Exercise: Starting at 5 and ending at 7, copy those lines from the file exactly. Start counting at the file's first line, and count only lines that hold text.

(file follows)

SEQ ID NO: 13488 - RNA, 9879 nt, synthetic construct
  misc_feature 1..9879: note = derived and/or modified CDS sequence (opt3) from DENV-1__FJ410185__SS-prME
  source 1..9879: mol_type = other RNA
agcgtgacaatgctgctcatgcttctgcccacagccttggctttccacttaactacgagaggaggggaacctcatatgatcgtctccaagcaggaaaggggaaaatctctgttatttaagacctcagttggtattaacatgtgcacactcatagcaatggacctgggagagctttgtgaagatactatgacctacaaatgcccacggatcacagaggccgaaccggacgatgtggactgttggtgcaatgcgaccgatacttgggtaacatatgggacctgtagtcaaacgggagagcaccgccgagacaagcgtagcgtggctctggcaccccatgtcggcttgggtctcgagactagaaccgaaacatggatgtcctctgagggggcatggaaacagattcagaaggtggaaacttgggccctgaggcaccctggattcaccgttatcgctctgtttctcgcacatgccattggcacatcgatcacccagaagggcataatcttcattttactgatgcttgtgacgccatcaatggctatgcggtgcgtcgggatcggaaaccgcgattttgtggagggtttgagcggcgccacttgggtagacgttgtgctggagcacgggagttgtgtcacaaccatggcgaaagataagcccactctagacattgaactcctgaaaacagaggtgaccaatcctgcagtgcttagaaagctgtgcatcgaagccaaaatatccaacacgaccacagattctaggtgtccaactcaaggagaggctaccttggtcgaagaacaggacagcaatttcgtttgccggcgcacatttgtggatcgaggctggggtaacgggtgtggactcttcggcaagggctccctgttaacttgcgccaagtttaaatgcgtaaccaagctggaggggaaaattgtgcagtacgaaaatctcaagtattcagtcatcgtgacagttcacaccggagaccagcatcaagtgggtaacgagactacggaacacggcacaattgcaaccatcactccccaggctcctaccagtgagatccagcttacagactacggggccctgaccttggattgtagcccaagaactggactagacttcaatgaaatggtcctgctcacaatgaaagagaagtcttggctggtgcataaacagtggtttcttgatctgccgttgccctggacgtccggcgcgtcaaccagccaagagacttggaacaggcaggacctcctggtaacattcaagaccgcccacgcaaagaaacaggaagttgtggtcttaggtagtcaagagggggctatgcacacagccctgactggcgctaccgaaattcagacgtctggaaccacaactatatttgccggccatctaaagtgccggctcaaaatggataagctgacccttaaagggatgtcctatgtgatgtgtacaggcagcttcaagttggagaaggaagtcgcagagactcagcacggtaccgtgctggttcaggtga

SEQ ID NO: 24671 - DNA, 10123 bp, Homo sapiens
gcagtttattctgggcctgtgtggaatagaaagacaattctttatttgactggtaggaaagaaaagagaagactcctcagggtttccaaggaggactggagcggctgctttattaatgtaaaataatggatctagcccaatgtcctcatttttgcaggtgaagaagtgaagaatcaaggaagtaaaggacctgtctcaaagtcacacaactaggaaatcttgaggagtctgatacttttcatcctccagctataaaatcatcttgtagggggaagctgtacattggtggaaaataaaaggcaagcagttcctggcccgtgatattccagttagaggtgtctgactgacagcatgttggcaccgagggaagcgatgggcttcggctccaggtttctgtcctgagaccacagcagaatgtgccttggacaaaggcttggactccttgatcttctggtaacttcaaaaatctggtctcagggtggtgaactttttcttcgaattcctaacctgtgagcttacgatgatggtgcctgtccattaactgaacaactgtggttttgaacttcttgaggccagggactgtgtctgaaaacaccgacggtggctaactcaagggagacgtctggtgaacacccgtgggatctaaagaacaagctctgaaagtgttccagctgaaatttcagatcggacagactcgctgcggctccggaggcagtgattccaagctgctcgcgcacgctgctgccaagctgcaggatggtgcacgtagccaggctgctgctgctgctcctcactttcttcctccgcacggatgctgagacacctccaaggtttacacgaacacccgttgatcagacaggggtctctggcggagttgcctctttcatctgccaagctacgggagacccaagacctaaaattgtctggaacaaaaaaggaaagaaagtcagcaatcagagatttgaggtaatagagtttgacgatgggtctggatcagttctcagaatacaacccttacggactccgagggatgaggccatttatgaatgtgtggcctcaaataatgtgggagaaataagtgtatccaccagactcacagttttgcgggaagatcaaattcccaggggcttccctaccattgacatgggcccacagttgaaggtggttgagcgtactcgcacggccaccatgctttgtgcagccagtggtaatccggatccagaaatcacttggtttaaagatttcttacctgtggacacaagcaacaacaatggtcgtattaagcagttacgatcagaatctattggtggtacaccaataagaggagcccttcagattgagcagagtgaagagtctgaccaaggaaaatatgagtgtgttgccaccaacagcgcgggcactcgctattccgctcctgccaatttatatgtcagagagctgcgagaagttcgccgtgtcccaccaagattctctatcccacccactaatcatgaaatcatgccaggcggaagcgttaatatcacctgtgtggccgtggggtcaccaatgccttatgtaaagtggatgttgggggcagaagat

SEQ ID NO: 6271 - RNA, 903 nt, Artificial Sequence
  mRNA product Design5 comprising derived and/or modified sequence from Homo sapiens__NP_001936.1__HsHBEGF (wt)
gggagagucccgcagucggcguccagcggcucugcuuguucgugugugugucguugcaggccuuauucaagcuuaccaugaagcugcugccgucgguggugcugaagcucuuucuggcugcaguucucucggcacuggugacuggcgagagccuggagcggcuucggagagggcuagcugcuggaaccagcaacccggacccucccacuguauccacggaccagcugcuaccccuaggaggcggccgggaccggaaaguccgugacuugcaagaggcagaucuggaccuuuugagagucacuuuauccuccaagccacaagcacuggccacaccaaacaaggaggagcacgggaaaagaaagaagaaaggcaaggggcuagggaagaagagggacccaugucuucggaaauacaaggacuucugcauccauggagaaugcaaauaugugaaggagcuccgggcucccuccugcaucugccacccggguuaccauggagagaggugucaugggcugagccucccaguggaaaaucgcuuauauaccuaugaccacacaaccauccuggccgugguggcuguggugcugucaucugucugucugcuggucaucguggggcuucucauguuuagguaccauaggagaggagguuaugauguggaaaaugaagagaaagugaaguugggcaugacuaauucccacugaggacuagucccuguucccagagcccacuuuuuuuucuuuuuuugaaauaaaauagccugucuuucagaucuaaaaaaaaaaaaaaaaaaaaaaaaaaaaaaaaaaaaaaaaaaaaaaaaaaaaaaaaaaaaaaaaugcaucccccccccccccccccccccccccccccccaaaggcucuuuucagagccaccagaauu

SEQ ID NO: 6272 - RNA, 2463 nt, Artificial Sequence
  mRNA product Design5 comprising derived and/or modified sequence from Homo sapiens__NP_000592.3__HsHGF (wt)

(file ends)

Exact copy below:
SEQ ID NO: 24671 - DNA, 10123 bp, Homo sapiens
gcagtttattctgggcctgtgtggaatagaaagacaattctttatttgactggtaggaaagaaaagagaagactcctcagggtttccaaggaggactggagcggctgctttattaatgtaaaataatggatctagcccaatgtcctcatttttgcaggtgaagaagtgaagaatcaaggaagtaaaggacctgtctcaaagtcacacaactaggaaatcttgaggagtctgatacttttcatcctccagctataaaatcatcttgtagggggaagctgtacattggtggaaaataaaaggcaagcagttcctggcccgtgatattccagttagaggtgtctgactgacagcatgttggcaccgagggaagcgatgggcttcggctccaggtttctgtcctgagaccacagcagaatgtgccttggacaaaggcttggactccttgatcttctggtaacttcaaaaatctggtctcagggtggtgaactttttcttcgaattcctaacctgtgagcttacgatgatggtgcctgtccattaactgaacaactgtggttttgaacttcttgaggccagggactgtgtctgaaaacaccgacggtggctaactcaagggagacgtctggtgaacacccgtgggatctaaagaacaagctctgaaagtgttccagctgaaatttcagatcggacagactcgctgcggctccggaggcagtgattccaagctgctcgcgcacgctgctgccaagctgcaggatggtgcacgtagccaggctgctgctgctgctcctcactttcttcctccgcacggatgctgagacacctccaaggtttacacgaacacccgttgatcagacaggggtctctggcggagttgcctctttcatctgccaagctacgggagacccaagacctaaaattgtctggaacaaaaaaggaaagaaagtcagcaatcagagatttgaggtaatagagtttgacgatgggtctggatcagttctcagaatacaacccttacggactccgagggatgaggccatttatgaatgtgtggcctcaaataatgtgggagaaataagtgtatccaccagactcacagttttgcgggaagatcaaattcccaggggcttccctaccattgacatgggcccacagttgaaggtggttgagcgtactcgcacggccaccatgctttgtgcagccagtggtaatccggatccagaaatcacttggtttaaagatttcttacctgtggacacaagcaacaacaatggtcgtattaagcagttacgatcagaatctattggtggtacaccaataagaggagcccttcagattgagcagagtgaagagtctgaccaaggaaaatatgagtgtgttgccaccaacagcgcgggcactcgctattccgctcctgccaatttatatgtcagagagctgcgagaagttcgccgtgtcccaccaagattctctatcccacccactaatcatgaaatcatgccaggcggaagcgttaatatcacctgtgtggccgtggggtcaccaatgccttatgtaaagtggatgttgggggcagaagat

SEQ ID NO: 6271 - RNA, 903 nt, Artificial Sequence